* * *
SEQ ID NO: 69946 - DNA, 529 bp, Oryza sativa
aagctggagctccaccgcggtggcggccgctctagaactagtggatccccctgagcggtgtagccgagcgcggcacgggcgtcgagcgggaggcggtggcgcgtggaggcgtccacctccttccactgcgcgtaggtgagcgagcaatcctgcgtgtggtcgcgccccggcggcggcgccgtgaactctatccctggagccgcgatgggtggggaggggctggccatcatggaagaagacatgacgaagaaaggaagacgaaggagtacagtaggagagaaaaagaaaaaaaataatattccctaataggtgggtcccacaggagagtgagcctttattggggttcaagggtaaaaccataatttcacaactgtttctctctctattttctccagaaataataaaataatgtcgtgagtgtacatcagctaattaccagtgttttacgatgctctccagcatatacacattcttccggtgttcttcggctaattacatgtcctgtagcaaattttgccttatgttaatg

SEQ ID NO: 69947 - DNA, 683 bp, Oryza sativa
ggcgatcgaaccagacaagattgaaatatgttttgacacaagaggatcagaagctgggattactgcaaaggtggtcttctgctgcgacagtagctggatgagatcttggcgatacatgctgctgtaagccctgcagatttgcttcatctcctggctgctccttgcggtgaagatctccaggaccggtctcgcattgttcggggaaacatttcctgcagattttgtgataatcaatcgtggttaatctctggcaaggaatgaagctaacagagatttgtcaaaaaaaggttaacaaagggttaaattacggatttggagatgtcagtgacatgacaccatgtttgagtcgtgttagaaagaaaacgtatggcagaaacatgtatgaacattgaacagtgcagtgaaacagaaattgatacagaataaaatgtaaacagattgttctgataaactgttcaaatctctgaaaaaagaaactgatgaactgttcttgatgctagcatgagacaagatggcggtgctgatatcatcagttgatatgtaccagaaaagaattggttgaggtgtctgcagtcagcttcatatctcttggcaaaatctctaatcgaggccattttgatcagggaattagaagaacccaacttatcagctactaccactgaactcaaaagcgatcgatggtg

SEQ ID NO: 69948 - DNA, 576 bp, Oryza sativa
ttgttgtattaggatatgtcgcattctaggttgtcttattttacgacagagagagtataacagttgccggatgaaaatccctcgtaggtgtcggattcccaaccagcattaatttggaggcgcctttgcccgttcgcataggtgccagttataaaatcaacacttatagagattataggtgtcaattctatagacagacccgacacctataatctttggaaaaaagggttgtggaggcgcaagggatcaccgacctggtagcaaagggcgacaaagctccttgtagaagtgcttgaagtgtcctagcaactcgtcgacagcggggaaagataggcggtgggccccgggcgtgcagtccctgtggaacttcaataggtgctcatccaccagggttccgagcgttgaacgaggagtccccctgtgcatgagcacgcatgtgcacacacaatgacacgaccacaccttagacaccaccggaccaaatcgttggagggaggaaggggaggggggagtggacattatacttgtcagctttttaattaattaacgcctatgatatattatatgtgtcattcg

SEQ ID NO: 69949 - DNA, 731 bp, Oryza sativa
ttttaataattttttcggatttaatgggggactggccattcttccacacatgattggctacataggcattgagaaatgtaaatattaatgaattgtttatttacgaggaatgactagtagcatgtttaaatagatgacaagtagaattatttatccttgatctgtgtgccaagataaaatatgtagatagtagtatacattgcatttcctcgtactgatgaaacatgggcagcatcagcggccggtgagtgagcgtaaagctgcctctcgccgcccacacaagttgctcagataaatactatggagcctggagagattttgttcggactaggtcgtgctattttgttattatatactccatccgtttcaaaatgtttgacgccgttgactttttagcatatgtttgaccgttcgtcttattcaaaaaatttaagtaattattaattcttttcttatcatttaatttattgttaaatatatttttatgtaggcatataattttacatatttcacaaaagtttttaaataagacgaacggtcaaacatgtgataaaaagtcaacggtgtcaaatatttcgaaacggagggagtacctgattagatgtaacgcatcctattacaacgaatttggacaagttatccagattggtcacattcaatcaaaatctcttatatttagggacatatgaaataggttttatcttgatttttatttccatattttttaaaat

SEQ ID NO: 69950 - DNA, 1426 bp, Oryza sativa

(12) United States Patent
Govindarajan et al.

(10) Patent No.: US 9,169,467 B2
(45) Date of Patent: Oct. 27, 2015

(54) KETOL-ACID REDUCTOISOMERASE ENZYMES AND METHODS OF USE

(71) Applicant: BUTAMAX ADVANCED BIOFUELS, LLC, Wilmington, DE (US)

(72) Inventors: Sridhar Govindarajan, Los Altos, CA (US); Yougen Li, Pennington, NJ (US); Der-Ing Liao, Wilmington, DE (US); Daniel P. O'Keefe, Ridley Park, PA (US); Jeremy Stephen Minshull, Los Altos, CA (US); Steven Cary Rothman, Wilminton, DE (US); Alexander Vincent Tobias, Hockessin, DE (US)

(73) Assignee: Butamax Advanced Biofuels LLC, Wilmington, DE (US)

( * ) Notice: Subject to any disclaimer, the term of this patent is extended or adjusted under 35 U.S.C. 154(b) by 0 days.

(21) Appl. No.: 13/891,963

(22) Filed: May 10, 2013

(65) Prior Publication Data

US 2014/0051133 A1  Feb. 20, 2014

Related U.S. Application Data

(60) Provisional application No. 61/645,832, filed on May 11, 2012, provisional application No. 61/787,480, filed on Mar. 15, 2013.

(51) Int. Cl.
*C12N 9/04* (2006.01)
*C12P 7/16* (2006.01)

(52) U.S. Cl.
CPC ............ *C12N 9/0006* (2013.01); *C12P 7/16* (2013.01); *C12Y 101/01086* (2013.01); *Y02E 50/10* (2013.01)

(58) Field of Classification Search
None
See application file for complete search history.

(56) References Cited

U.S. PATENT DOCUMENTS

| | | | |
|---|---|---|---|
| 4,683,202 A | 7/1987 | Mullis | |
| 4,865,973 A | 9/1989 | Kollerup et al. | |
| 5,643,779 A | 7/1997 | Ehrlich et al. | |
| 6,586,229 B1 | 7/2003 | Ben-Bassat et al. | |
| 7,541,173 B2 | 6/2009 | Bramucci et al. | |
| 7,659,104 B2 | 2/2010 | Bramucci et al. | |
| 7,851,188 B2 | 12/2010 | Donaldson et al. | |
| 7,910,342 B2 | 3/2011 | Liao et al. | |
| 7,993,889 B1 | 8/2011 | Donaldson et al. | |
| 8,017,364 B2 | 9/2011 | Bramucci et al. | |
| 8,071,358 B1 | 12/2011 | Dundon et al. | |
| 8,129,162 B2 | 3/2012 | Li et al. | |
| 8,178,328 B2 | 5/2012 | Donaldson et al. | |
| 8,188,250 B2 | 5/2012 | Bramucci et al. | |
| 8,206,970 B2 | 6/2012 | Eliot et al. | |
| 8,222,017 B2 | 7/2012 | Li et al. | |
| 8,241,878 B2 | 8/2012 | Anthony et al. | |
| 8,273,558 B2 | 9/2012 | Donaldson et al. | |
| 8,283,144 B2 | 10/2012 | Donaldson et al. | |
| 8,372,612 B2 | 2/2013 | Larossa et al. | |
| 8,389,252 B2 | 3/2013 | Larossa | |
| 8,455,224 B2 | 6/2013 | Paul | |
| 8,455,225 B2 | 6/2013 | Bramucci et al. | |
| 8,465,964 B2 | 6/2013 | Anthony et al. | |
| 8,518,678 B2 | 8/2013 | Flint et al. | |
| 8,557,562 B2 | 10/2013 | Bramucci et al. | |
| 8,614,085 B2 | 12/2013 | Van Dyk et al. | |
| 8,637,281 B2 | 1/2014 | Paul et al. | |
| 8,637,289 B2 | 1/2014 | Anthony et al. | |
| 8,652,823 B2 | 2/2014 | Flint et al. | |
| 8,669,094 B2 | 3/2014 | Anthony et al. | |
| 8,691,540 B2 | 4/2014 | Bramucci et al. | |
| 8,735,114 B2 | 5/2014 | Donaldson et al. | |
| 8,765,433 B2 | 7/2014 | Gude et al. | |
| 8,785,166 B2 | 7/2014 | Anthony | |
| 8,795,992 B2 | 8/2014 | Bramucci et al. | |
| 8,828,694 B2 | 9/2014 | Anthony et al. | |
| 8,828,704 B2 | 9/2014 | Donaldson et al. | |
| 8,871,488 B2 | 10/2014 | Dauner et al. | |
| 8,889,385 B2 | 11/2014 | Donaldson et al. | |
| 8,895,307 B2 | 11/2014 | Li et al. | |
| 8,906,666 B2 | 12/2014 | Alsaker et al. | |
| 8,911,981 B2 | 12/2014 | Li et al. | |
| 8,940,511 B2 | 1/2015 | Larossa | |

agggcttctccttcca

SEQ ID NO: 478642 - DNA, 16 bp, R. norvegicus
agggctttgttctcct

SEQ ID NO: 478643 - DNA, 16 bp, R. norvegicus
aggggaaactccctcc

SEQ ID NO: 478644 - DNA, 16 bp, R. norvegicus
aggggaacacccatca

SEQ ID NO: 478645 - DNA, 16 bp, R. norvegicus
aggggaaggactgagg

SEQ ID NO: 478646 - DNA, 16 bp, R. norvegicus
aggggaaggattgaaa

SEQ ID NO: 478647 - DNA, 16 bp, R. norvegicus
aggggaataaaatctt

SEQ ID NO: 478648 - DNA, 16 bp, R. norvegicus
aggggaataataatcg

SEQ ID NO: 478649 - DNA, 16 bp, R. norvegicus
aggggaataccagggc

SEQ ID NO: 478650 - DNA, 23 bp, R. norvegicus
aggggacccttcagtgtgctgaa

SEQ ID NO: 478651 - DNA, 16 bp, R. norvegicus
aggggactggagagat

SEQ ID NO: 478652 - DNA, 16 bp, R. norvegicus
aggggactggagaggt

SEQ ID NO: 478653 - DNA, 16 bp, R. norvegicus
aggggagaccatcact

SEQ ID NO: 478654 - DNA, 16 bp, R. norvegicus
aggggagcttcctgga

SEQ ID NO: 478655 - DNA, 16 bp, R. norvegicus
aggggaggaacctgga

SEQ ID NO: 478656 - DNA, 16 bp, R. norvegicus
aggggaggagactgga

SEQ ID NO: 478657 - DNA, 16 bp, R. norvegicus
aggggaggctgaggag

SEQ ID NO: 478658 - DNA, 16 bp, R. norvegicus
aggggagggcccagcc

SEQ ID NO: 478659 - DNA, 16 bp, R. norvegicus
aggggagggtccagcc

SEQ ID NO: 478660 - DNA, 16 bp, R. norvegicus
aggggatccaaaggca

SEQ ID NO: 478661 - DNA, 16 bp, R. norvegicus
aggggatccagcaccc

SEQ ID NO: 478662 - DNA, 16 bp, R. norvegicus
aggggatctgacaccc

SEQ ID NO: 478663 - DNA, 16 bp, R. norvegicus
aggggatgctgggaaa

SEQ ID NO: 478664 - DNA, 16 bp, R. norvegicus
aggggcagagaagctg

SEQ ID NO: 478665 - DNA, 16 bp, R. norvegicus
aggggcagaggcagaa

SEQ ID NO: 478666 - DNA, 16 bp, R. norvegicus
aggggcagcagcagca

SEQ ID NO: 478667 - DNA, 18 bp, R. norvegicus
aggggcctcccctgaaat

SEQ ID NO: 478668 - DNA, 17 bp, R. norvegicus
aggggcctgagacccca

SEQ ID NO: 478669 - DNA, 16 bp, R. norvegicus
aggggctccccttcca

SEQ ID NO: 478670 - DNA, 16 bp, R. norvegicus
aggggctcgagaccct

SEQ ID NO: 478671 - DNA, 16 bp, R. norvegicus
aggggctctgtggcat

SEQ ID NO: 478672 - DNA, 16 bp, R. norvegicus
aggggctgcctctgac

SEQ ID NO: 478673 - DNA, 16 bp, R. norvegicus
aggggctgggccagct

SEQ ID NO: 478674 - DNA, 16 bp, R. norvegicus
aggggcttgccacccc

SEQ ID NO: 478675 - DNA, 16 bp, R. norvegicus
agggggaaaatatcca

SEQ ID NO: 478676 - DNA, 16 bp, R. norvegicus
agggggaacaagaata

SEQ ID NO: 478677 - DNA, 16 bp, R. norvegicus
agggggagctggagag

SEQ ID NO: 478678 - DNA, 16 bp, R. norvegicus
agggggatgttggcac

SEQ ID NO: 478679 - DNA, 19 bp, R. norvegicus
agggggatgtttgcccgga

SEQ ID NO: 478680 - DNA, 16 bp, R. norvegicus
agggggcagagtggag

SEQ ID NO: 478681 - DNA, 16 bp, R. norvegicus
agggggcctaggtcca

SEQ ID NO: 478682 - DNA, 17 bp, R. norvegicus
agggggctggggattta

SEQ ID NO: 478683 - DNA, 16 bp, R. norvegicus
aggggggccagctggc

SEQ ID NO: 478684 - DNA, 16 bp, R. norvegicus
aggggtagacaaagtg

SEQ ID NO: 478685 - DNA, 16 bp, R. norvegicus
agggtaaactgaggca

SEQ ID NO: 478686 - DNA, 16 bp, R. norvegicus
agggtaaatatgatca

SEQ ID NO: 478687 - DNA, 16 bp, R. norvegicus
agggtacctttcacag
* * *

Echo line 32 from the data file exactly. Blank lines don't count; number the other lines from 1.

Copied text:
See application file for complete search history.